A version of this commentary appeared in the Toronto Star, Ottawa Life and the Huffington Post A “modernized NAFTA” has significant implications for many sectors of the economy — and health care is one of them. What’s at stake? Canadians’ right to universal access to affordable medicines. When negotiating with the U.S. and Mexico, Canadian […]
A version of this commentary appeared in the Ottawa Citizen, Windsor Star and the Huffington Post Ontario has been the site of dueling pharmacare proposals and Canadians are the victors. At the end of April, the opposition NDP promised universal drug coverage for a list of essential medicines. Not to be outdone, the ruling Liberal party […]
A version of this commentary appeared in the Globe & Mail, the Huffington Post and the Victoria Times Colonist. Australia and Canada share many characteristics, but Canadians may not know one of them is that Australia’s universal health insurance scheme, Medicare, was modelled on Canada’s — albeit adapted to account for constitutional differences between the two countries. […]
From Ontario’s lips to the feds’ ears A version of this commentary appeared in the Hill Times and the Huffington Post. The Ontario government’s decision to invest in universal drug coverage for those under 25 is a long-needed policy commitment that will help ensure the health of our next generation. As a pediatric oncologist, I see children […]
A version of this commentary appeared in the Toronto Star Ontario has just announced that they will offer a publicly funded pharmacare system for children and youth in Ontario. This is a small step in the right direction, one that is arguably most important for its symbolism in a national debate. Why just a small […]
A version of this commentary appeared in the Montreal Gazette, the Hill Times and Victoria Times Colonist There’s nothing like an American health care debate to make Canadians feel lucky. As his first act in office, Donald Trump signed an executive order, taking the first step to repeal the Affordable Care Act. With the stroke […]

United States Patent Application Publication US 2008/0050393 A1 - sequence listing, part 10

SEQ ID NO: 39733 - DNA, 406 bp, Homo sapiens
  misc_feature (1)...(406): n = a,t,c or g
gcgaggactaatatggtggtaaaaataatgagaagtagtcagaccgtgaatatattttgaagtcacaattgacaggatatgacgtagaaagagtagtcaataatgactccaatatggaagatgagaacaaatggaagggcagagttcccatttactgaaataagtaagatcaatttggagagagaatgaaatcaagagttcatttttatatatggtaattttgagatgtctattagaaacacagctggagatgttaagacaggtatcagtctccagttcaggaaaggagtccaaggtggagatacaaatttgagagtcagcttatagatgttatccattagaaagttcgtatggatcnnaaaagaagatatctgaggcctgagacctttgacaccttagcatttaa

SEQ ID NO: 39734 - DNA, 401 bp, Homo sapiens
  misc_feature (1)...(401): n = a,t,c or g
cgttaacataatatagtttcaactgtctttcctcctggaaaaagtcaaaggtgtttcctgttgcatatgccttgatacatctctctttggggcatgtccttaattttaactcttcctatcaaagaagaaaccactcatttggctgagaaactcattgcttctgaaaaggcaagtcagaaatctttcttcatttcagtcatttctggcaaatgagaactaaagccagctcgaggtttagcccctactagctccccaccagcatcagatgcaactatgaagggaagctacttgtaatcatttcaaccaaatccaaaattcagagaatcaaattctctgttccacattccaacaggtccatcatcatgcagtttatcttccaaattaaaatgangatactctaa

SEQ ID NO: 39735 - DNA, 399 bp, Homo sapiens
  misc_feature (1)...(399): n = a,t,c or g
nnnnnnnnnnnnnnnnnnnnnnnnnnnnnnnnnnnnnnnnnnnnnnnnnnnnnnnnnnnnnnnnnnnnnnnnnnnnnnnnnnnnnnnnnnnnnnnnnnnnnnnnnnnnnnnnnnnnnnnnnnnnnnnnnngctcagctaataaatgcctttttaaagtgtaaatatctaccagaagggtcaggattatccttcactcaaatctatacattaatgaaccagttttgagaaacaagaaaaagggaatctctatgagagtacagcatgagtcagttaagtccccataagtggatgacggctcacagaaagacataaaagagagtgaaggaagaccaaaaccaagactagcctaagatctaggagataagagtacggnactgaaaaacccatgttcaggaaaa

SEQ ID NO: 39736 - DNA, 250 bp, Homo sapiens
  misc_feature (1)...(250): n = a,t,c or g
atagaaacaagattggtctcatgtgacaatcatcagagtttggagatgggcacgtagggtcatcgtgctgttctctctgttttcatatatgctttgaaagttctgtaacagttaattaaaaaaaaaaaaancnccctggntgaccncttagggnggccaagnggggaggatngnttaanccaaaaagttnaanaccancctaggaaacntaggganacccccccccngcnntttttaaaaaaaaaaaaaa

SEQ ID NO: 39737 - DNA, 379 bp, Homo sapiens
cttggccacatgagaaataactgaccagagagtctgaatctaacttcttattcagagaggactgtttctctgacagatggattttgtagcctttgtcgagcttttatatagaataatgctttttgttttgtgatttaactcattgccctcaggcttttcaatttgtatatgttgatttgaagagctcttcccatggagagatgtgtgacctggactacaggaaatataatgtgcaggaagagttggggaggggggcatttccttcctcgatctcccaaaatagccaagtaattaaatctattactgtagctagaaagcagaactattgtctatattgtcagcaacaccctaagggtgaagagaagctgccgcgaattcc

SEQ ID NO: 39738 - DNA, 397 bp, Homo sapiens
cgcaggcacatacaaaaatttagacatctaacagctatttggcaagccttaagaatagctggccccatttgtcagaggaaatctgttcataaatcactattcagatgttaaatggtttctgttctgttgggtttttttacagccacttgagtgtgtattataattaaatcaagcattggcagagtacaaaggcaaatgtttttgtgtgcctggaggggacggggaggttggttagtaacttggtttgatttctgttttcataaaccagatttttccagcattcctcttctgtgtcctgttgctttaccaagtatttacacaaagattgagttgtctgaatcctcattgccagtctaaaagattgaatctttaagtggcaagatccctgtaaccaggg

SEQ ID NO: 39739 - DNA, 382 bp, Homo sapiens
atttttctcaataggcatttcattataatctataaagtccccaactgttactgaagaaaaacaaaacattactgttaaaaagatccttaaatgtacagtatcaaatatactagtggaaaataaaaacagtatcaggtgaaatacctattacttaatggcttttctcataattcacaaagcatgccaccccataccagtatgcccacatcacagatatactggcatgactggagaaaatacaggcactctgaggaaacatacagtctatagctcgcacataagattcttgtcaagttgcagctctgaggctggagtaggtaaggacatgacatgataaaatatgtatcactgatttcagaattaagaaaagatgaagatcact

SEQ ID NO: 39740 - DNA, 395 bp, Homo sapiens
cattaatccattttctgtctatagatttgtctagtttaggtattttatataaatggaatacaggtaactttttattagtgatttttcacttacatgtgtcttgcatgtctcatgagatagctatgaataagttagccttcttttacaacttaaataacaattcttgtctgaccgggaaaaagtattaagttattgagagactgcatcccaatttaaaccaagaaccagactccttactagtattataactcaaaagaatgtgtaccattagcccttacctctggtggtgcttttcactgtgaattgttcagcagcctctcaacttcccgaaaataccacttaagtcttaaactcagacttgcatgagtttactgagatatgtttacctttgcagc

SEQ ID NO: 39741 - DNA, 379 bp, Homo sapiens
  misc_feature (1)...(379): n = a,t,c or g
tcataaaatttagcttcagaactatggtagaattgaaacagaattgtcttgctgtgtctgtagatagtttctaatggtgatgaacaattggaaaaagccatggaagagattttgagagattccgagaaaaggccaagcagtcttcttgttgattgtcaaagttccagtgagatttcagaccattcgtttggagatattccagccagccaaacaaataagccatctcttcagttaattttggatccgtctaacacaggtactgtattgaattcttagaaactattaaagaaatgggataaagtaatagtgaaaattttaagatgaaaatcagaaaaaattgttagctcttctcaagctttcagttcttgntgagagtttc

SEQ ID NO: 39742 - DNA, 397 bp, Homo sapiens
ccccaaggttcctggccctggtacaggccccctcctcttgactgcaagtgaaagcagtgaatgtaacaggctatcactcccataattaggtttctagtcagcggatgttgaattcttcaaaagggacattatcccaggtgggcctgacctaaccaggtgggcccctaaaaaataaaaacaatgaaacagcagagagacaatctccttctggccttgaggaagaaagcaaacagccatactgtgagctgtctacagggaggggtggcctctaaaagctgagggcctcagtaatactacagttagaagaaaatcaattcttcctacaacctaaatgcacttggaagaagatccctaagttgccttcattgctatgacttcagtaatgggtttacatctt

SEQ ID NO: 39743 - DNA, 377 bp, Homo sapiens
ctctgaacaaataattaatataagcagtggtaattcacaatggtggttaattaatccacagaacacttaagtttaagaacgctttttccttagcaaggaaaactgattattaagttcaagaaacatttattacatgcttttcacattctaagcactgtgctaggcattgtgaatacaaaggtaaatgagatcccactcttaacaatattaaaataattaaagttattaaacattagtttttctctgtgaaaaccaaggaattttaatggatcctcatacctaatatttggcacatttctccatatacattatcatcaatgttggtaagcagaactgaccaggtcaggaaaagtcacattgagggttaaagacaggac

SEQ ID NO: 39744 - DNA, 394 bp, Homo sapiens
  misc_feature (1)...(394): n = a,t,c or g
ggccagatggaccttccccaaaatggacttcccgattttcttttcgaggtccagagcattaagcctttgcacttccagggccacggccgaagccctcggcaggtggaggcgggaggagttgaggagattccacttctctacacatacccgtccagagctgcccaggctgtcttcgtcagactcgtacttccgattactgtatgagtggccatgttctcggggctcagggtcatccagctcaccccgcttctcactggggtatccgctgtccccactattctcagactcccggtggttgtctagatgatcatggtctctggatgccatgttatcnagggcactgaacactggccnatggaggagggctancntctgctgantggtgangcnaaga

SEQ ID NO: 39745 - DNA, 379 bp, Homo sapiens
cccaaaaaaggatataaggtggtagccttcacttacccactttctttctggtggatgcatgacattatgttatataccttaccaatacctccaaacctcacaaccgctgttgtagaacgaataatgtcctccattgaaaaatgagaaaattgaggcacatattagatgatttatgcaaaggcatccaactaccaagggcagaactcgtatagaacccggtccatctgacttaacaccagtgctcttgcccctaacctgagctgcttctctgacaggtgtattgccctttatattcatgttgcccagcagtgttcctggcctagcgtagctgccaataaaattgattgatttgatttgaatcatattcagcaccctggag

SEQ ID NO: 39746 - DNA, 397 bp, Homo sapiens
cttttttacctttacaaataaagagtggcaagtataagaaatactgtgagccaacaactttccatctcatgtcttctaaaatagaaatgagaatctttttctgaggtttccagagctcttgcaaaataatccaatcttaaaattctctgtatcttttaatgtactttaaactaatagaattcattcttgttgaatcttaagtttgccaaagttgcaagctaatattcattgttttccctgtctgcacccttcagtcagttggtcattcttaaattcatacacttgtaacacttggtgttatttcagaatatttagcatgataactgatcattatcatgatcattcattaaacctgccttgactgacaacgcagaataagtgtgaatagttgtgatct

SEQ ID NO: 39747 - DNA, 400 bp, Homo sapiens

When it comes to prescription drug coverage, our health system has plenty in common with the United States — and that’s not a good thing
Most Canadians would likely agree that those who need potentially life-saving prescription medications should have ready access to them.
Our healthcare system remains focused on acute – emergency — care and the “therapeutic imperative” to fix everything we can fix when a patient is ill. But when someone is approaching the end of life, this approach may no longer be what the patient and their families need or want most.
You are the parent of a sick child. You have a limited budget and you must decide to buy the medicine the doctor prescribed for your child or provide food and shelter for your family instead. What do you do?
In spite of very high expenditures for drug coverage, one in 10 Canadians cannot afford to fill their prescriptions. The current patchwork of public and private plans across the country means that Canadians are covered for their prescription drugs based on where they live or work, rather than on their medical needs.